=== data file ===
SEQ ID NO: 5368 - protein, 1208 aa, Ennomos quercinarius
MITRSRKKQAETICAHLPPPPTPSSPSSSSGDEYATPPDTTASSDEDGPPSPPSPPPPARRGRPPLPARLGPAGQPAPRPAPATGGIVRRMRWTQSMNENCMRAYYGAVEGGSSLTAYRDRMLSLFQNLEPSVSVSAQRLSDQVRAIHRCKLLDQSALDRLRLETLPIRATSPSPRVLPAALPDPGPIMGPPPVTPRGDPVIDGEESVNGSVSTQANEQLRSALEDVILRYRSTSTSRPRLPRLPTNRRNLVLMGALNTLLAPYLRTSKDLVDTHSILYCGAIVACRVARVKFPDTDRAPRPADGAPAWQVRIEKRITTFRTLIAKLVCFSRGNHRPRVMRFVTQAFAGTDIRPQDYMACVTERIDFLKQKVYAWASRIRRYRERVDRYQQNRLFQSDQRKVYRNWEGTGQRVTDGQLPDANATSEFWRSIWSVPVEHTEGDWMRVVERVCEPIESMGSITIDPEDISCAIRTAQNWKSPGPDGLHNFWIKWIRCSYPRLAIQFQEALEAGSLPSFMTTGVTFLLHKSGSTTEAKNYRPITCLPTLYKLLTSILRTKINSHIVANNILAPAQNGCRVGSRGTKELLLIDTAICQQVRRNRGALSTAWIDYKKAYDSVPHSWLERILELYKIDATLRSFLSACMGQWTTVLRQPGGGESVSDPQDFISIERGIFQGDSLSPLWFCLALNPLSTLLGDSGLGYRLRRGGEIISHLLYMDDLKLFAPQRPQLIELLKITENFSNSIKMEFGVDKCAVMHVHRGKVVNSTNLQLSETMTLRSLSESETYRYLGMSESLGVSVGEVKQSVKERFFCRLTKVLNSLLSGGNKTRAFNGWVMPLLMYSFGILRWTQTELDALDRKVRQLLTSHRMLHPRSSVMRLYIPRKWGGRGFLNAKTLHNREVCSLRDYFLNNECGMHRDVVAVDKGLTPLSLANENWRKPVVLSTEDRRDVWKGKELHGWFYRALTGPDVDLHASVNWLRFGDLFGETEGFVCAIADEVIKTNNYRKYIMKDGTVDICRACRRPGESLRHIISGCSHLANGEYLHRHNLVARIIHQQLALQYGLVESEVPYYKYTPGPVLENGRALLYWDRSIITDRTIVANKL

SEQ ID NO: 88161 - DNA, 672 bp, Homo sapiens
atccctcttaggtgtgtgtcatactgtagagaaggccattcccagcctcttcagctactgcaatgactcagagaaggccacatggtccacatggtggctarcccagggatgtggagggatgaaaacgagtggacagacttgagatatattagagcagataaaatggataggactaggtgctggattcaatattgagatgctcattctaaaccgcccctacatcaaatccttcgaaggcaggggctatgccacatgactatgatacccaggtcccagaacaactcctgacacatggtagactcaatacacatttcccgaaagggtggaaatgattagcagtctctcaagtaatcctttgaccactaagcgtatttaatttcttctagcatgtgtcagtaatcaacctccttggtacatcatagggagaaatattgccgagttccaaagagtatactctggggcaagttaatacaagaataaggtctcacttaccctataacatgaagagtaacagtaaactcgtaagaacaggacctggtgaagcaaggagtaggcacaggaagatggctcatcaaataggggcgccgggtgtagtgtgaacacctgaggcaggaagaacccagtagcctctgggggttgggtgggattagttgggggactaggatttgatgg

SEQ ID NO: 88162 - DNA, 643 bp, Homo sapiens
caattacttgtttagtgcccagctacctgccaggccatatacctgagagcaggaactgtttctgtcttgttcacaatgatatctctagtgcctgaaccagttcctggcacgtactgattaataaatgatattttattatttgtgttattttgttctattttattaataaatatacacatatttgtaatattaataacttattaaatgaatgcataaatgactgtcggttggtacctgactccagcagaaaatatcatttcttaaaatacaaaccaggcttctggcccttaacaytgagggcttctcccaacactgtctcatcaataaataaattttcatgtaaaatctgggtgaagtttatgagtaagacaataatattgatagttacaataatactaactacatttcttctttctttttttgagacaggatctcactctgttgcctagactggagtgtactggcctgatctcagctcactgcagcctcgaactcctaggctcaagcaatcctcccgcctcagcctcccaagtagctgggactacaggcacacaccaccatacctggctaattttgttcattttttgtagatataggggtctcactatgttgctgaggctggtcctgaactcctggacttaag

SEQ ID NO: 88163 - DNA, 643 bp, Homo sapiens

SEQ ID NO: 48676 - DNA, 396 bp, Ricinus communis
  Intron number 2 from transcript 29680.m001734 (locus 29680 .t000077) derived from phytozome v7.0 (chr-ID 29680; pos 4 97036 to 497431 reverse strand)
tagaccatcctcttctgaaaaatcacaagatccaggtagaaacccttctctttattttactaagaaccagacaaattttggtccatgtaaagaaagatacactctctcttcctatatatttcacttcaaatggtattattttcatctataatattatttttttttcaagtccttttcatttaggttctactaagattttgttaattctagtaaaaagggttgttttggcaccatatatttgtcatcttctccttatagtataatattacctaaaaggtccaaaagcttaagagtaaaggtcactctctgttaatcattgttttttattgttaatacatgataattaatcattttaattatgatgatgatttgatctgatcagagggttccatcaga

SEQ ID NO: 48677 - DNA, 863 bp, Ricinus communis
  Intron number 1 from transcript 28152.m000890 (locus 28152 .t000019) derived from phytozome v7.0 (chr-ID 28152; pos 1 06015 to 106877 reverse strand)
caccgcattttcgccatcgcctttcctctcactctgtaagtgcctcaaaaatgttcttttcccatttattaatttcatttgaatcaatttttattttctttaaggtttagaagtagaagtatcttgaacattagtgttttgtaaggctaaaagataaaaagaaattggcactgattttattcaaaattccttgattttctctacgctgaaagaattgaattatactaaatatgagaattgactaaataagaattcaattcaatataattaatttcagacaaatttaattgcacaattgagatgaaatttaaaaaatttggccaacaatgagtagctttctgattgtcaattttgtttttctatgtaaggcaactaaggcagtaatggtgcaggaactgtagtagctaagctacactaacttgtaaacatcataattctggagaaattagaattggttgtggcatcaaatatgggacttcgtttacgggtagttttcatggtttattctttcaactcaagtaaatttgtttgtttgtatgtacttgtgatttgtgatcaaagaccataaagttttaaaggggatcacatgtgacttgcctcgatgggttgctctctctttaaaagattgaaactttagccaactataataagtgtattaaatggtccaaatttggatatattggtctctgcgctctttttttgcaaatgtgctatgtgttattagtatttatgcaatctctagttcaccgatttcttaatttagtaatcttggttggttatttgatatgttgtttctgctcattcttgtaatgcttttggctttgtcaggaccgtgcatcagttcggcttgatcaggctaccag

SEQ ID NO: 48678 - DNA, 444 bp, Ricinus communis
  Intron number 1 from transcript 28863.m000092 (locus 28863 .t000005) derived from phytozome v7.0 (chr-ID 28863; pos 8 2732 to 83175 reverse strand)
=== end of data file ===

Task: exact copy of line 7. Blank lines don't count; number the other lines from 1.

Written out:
SEQ ID NO: 88163 - DNA, 643 bp, Homo sapiens